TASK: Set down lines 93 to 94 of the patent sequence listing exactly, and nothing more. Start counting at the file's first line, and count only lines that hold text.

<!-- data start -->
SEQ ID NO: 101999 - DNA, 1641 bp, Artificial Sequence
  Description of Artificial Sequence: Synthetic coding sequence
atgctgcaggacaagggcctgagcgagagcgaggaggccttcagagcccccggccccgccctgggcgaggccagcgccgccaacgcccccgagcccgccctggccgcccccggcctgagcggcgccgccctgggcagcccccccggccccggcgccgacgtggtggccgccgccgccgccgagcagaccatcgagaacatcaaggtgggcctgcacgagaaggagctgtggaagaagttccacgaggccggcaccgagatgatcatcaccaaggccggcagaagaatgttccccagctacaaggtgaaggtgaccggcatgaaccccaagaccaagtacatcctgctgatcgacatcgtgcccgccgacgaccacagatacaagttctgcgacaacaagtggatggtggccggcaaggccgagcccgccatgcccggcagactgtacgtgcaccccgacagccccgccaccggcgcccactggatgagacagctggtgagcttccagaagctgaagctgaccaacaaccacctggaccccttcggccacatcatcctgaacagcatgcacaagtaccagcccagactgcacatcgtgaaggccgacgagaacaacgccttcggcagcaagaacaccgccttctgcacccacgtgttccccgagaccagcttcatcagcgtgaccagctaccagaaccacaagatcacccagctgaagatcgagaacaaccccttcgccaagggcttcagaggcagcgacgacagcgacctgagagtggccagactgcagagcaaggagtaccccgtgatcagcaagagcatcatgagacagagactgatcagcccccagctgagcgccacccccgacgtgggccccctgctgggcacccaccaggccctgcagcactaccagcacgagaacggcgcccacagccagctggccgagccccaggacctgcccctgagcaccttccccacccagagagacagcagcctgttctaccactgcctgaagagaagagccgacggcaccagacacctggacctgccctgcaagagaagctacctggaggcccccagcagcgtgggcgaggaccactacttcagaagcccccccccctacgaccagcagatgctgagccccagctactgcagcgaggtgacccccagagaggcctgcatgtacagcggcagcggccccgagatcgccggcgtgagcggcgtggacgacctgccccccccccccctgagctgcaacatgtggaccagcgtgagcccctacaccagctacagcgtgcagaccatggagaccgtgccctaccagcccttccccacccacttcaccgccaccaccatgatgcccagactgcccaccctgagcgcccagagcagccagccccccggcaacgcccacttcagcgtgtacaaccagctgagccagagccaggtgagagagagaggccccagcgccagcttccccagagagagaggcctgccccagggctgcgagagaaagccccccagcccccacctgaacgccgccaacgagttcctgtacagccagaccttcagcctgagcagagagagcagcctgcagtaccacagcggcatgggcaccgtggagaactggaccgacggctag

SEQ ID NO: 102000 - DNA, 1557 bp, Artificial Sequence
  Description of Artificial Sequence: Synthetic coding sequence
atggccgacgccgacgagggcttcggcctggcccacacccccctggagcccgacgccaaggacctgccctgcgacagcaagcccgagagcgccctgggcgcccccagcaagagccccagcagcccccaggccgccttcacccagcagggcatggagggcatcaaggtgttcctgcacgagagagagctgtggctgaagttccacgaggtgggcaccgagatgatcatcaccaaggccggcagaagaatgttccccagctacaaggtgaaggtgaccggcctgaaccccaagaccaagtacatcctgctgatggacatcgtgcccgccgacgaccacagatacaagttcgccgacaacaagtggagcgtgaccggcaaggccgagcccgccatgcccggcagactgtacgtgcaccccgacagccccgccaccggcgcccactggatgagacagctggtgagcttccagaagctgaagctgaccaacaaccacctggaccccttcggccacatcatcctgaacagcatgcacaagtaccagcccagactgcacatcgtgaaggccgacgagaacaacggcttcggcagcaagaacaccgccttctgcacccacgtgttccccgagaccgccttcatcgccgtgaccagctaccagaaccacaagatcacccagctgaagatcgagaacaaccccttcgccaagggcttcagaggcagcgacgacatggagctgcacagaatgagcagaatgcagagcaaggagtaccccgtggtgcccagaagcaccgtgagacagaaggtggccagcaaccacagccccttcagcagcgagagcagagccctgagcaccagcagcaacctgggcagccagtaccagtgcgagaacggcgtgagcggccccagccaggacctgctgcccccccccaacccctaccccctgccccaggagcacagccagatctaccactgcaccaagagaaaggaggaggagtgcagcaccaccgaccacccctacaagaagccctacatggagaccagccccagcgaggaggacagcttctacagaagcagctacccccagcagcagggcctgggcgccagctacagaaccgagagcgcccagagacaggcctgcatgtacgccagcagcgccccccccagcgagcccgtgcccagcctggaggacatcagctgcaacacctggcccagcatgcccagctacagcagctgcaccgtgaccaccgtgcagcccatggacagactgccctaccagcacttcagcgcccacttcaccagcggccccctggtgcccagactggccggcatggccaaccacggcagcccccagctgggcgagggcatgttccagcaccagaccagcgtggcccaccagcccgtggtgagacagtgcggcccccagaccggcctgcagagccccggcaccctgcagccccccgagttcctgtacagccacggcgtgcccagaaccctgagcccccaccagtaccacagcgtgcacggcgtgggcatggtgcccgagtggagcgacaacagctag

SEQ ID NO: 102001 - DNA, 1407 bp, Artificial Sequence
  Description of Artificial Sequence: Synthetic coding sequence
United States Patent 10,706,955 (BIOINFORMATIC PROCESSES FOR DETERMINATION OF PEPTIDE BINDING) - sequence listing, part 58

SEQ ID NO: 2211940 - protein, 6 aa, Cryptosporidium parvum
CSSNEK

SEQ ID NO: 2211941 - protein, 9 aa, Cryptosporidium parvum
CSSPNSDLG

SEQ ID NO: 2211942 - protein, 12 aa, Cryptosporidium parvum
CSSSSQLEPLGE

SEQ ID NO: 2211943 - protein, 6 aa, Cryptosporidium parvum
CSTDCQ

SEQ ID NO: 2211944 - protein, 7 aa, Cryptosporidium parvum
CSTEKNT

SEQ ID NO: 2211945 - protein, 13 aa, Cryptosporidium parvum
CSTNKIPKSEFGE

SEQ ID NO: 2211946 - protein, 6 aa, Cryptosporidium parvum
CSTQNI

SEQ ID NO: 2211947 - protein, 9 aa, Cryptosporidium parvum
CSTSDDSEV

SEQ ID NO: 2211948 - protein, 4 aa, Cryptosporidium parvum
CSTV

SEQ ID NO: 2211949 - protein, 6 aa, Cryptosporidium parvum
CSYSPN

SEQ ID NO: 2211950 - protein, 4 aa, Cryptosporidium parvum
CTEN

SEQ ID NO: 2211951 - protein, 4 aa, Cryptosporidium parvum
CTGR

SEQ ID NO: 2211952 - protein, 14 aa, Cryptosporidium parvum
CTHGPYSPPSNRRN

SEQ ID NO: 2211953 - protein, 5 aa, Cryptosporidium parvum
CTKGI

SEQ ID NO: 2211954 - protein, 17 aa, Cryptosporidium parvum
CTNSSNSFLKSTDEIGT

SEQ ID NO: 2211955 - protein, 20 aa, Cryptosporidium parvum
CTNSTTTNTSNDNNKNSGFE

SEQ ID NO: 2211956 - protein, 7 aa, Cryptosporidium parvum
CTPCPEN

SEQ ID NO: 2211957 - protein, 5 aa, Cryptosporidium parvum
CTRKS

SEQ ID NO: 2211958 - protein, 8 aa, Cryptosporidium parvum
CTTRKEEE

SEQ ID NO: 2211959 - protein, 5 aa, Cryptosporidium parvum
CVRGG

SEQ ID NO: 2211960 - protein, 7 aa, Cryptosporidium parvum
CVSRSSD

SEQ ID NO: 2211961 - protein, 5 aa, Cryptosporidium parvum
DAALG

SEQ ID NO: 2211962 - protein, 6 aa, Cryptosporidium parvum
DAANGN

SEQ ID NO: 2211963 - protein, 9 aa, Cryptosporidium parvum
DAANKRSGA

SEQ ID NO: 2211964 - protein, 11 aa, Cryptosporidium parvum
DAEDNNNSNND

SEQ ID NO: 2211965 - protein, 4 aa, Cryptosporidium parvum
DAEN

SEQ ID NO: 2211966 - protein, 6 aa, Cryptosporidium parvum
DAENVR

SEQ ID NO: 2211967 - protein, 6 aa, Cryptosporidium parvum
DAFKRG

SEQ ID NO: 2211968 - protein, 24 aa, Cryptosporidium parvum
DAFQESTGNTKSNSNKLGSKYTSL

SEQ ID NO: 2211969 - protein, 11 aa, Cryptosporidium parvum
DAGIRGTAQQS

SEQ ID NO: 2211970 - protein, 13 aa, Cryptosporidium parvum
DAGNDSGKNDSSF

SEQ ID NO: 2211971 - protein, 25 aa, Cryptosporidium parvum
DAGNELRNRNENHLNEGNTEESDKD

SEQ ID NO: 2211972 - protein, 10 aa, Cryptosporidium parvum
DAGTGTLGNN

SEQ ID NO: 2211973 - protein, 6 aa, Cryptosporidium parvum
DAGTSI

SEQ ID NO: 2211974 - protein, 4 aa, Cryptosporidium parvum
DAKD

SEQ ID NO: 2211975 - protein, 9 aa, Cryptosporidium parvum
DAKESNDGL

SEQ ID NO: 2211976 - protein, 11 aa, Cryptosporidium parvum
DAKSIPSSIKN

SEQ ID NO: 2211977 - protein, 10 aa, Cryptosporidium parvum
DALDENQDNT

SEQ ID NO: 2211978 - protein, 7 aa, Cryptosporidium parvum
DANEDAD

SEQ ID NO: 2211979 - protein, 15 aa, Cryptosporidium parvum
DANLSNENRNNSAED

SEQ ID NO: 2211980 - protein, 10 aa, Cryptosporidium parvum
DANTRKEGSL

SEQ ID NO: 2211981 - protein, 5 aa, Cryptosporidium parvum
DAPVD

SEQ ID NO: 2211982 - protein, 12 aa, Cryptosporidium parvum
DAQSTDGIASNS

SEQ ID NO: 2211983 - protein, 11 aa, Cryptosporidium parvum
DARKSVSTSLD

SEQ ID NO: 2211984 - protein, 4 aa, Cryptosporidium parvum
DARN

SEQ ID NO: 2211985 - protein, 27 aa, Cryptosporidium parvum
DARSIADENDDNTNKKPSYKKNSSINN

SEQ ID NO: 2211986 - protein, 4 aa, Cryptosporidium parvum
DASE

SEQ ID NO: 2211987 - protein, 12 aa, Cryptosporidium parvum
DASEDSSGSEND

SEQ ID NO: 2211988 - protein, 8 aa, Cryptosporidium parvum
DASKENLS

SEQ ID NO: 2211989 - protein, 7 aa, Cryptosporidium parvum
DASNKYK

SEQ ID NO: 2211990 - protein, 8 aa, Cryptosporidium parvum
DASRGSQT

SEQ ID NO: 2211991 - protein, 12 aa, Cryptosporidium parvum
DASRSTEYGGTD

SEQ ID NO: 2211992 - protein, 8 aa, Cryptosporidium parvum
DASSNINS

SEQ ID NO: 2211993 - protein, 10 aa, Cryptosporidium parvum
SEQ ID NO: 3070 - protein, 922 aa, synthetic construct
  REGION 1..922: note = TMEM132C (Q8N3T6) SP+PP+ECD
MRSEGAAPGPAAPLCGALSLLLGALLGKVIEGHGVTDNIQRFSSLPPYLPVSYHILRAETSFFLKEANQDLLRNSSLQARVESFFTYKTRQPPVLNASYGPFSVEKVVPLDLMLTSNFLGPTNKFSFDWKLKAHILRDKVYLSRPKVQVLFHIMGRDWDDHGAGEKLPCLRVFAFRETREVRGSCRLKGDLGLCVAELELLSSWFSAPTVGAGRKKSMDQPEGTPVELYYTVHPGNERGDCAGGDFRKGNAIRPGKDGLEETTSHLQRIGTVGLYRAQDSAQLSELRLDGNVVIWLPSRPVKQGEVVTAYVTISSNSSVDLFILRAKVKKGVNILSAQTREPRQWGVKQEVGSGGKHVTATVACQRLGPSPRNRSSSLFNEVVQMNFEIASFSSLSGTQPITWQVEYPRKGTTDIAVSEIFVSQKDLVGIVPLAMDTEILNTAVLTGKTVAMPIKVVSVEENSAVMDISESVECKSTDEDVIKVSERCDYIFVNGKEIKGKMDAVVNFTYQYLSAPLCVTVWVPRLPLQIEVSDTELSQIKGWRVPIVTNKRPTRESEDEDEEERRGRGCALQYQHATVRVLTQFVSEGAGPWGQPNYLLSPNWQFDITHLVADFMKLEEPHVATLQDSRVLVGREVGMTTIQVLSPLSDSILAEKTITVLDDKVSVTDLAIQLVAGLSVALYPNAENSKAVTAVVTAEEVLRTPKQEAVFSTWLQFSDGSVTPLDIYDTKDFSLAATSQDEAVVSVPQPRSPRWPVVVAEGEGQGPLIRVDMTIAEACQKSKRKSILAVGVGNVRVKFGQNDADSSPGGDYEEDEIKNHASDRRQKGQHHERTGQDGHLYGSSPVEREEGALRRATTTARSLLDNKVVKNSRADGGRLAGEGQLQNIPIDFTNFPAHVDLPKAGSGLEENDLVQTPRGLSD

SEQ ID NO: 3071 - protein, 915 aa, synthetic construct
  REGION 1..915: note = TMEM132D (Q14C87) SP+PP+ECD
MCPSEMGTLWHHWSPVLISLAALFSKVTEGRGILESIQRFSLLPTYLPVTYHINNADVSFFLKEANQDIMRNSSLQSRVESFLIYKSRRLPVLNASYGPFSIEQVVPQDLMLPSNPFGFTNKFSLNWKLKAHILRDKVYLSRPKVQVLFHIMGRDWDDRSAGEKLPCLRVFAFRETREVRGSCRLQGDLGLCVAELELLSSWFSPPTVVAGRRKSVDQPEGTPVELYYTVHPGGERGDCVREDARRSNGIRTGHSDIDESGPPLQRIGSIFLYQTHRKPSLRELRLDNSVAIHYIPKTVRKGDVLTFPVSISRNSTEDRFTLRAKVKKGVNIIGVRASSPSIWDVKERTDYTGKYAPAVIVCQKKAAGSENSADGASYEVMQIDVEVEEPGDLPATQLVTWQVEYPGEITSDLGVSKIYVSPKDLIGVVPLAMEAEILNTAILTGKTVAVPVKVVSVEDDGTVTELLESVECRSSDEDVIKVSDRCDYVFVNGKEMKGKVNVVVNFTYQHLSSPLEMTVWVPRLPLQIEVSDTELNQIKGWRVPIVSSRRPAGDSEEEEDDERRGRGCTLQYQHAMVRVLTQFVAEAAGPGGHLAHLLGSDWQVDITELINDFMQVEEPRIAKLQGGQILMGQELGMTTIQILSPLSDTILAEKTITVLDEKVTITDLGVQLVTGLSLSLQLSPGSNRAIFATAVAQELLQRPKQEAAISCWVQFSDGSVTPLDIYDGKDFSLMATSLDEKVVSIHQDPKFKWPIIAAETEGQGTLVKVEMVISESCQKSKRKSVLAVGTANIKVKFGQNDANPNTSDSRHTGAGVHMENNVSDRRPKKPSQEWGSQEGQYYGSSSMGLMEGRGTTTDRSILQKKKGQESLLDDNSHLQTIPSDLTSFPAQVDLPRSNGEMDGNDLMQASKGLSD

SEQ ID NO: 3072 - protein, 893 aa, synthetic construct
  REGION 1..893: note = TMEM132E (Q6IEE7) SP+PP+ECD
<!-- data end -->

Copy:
DAPVD

SEQ ID NO: 2211982 - protein, 12 aa, Cryptosporidium parvum